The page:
Critical process temperatures for resistive InGaAsP/InP heterostructures heavily implanted by Fe or Ga ions

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DOIResolve DOI: http://doi.org/10.1016/j.nimb.2015.07.045
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TypeArticle
Journal titleNuclear Instruments and Methods in Physics Research Section B: Beam Interactions with Materials and Atoms
ISSN0168-583X
Volume359
Pages99106
SubjectIII–V semiconductors; Ion implantation; Primary and secondary defects; Hall effect; X-ray diffraction
AbstractWe report on critical ion implantation and rapid thermal annealing (RTA) process temperatures that produce resistive Fe- or Ga-implanted InGaAsP/InP heterostructures. Two InGaAsP/InP heterostructure compositions, with band gap wavelengths of 1.3 lm and 1.57 lm, were processed by ion implantation sequences done at multiple MeV energies and high fluence (1015 cm-2). The optimization of the fabrica- tion process was closely related to the implantation temperature which influences the type of implant-induced defect structures. With hot implantation temperatures, at 373 K and 473 K, X-ray diffraction (XRD) revealed that dynamic defect annealing was strong and prevented the amorphization of the InGaAsP layers. These hot-implanted layers were less resistive and RTA could not optimize them systematically in favor of high resistivity. With cold implantation temperatures, at 83 K and even at 300 K, dynamic annealing was minimized. Damage clusters could form and accumulate to produce resis- tive amorphous-like structures. After recrystallization by RTA, polycrystalline signatures were found on every low-temperature Fe- and Ga-implanted structures. For both ion species, electrical parameters evolved similarly against annealing temperatures, and resistive structures were produced near 500 °C. However, better isolation was obtained with Fe implantation. Differences in sheet resistivities between the two alloy compositions were less than band gap-related effects. These observations, related to damage accumulation and recovery mechanisms, have important implications for the realization ion-implanted resistive layers that can be triggered with near infrared laser pulses and suitable for ultrafast optoelectronics.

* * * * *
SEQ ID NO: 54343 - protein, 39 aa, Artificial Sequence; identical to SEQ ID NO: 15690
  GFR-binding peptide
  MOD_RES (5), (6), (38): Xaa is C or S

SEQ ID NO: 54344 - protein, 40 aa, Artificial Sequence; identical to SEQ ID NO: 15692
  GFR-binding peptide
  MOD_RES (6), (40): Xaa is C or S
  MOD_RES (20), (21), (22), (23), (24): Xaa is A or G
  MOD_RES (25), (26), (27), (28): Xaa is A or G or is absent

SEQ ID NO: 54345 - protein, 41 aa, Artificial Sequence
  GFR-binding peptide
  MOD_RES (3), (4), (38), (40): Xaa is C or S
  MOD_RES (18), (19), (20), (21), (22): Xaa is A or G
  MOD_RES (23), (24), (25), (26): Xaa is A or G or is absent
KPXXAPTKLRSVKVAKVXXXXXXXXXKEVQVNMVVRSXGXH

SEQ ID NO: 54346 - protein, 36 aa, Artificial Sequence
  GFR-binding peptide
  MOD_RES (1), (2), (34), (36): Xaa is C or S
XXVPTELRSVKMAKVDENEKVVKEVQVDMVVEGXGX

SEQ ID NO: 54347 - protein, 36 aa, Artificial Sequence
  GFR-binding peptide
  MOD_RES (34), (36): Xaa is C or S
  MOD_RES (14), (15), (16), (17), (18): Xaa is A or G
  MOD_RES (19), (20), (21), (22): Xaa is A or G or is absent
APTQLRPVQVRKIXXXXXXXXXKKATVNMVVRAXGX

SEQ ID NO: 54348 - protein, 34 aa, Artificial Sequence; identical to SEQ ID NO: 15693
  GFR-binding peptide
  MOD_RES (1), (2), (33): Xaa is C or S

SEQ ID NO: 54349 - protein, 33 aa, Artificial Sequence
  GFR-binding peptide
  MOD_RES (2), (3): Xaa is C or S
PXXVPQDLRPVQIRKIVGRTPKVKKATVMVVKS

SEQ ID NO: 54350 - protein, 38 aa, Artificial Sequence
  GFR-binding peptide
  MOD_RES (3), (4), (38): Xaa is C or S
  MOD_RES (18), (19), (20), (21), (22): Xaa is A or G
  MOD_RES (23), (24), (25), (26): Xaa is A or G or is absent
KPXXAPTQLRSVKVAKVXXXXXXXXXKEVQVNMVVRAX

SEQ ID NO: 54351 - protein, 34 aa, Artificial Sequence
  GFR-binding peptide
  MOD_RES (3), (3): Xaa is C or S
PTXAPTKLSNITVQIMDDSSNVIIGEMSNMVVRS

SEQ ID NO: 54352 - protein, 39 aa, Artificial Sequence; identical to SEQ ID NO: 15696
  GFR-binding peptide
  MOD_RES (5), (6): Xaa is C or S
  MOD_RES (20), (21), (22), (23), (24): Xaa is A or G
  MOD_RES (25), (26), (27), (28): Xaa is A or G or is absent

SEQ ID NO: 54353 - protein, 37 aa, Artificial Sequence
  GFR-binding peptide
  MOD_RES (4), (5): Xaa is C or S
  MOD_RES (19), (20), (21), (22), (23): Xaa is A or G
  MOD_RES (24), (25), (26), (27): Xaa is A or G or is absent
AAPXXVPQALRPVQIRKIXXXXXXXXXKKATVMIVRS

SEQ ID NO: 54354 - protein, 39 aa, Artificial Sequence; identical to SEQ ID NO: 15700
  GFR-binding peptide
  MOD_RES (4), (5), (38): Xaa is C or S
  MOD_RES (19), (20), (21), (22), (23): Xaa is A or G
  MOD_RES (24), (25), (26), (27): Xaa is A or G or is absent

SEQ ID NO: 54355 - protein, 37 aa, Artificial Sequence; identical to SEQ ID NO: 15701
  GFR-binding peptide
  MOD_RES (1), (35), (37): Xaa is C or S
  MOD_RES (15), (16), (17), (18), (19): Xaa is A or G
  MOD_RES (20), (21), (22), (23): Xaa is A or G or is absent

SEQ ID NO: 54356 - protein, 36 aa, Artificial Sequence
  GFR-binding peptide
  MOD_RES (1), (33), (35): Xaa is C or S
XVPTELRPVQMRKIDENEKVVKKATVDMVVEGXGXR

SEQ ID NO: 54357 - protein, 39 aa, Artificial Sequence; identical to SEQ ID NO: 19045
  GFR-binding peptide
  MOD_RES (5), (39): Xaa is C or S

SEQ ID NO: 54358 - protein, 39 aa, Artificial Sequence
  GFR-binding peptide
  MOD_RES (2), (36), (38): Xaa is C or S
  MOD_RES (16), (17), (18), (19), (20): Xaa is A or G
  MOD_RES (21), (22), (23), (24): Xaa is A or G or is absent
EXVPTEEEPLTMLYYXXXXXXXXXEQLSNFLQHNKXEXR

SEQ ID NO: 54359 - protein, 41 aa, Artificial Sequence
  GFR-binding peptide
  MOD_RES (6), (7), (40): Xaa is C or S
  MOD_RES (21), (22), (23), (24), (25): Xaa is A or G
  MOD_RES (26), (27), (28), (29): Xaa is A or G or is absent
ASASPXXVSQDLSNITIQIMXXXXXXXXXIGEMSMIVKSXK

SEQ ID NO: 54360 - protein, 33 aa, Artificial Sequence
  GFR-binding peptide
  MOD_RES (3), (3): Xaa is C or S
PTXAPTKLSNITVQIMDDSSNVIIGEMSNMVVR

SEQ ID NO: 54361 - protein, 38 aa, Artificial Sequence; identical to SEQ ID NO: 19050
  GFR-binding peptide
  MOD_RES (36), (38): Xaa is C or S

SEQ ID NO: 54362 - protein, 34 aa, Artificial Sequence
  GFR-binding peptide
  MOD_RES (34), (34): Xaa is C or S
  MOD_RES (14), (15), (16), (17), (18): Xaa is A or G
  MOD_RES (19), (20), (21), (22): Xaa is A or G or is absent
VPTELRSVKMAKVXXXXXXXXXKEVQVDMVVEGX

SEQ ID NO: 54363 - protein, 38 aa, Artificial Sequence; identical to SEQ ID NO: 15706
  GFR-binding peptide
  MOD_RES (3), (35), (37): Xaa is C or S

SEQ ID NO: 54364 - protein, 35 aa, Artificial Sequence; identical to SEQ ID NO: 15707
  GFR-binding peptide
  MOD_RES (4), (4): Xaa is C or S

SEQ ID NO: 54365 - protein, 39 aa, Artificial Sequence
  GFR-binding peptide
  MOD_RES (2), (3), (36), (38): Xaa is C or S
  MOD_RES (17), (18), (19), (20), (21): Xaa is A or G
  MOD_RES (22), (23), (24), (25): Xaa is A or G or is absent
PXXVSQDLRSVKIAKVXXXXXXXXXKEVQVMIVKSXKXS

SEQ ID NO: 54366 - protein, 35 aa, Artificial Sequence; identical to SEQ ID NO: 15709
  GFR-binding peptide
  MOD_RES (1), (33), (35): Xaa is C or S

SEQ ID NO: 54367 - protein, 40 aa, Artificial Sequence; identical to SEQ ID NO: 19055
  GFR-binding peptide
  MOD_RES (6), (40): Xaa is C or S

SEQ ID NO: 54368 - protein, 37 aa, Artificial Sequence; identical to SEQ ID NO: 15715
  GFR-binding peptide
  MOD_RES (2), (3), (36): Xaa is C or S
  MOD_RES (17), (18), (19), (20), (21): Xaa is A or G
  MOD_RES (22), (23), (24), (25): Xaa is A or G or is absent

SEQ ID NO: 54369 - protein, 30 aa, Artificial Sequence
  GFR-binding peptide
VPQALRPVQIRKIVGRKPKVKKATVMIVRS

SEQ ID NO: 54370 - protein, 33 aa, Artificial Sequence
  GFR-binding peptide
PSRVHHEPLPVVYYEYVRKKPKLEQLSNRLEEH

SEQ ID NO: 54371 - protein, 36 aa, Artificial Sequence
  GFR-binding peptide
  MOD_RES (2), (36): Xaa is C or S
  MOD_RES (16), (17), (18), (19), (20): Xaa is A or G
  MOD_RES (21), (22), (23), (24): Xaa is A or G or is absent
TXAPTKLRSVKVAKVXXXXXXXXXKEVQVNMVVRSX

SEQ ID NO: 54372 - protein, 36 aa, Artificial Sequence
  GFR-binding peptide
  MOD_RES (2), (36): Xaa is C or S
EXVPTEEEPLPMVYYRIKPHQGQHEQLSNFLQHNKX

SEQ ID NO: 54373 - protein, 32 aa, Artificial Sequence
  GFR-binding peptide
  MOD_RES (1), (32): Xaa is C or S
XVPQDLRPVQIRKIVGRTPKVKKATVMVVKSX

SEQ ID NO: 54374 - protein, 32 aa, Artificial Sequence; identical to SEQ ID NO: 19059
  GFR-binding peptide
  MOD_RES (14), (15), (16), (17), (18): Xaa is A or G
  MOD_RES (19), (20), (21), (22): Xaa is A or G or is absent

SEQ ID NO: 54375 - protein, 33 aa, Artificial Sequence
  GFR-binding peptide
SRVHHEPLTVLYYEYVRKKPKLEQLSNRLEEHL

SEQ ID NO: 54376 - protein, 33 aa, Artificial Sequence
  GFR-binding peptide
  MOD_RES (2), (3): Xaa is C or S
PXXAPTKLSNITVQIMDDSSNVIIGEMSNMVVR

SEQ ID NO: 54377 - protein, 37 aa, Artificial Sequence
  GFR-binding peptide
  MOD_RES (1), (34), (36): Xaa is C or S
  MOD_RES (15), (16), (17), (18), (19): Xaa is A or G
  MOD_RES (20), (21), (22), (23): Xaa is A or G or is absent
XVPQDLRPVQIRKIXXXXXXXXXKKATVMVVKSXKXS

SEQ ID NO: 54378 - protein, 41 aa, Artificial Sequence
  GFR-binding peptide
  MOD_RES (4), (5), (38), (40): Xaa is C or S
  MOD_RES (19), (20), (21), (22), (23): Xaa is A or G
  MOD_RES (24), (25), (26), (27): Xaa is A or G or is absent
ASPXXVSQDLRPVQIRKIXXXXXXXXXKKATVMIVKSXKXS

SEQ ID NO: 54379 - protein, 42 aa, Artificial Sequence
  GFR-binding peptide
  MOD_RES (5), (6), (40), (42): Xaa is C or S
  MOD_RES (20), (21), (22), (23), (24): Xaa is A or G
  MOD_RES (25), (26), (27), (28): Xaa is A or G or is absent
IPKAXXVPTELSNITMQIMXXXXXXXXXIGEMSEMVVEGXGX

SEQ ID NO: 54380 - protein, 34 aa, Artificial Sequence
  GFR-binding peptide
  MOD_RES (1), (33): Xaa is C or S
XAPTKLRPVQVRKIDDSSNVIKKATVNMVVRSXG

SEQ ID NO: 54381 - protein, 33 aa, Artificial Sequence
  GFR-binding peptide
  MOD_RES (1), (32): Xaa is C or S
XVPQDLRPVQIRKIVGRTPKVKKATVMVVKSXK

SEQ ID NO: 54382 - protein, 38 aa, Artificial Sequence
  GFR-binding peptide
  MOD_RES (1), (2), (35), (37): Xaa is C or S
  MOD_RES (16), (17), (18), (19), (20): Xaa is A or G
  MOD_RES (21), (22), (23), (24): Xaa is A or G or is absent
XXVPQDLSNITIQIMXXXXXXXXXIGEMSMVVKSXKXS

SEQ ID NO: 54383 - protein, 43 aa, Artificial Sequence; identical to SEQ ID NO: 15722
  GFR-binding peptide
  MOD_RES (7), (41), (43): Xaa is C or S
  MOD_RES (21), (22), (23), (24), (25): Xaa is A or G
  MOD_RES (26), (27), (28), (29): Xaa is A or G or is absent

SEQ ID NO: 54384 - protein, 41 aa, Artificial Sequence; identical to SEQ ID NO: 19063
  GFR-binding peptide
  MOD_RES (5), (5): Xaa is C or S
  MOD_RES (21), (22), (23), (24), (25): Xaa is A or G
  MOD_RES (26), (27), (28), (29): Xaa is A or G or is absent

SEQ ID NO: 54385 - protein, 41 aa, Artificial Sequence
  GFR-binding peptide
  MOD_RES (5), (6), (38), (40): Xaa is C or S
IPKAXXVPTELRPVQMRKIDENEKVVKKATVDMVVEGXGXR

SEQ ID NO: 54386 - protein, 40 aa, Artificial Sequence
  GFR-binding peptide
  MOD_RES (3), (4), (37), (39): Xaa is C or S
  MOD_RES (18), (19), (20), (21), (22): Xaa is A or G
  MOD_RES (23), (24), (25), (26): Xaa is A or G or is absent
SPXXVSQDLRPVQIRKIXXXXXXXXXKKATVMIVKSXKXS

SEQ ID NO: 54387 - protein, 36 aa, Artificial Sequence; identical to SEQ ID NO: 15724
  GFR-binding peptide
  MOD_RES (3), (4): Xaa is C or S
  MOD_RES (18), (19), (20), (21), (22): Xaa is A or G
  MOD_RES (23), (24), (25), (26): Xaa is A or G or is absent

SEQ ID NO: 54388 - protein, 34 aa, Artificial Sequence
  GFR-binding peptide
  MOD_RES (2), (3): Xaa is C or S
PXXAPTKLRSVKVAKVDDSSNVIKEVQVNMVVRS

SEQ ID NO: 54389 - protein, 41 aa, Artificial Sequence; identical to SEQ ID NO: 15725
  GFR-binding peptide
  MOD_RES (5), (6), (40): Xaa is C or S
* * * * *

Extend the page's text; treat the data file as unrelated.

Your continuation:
Publication date
LanguageEnglish
AffiliationInformation and Communication Technologies; National Research Council Canada
Peer reviewedYes
NPARC number23000819
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Record identifierce326f9d-5f08-48ef-94e2-4554edc3c8c9
Record created2016-10-17
Record modified2016-10-17
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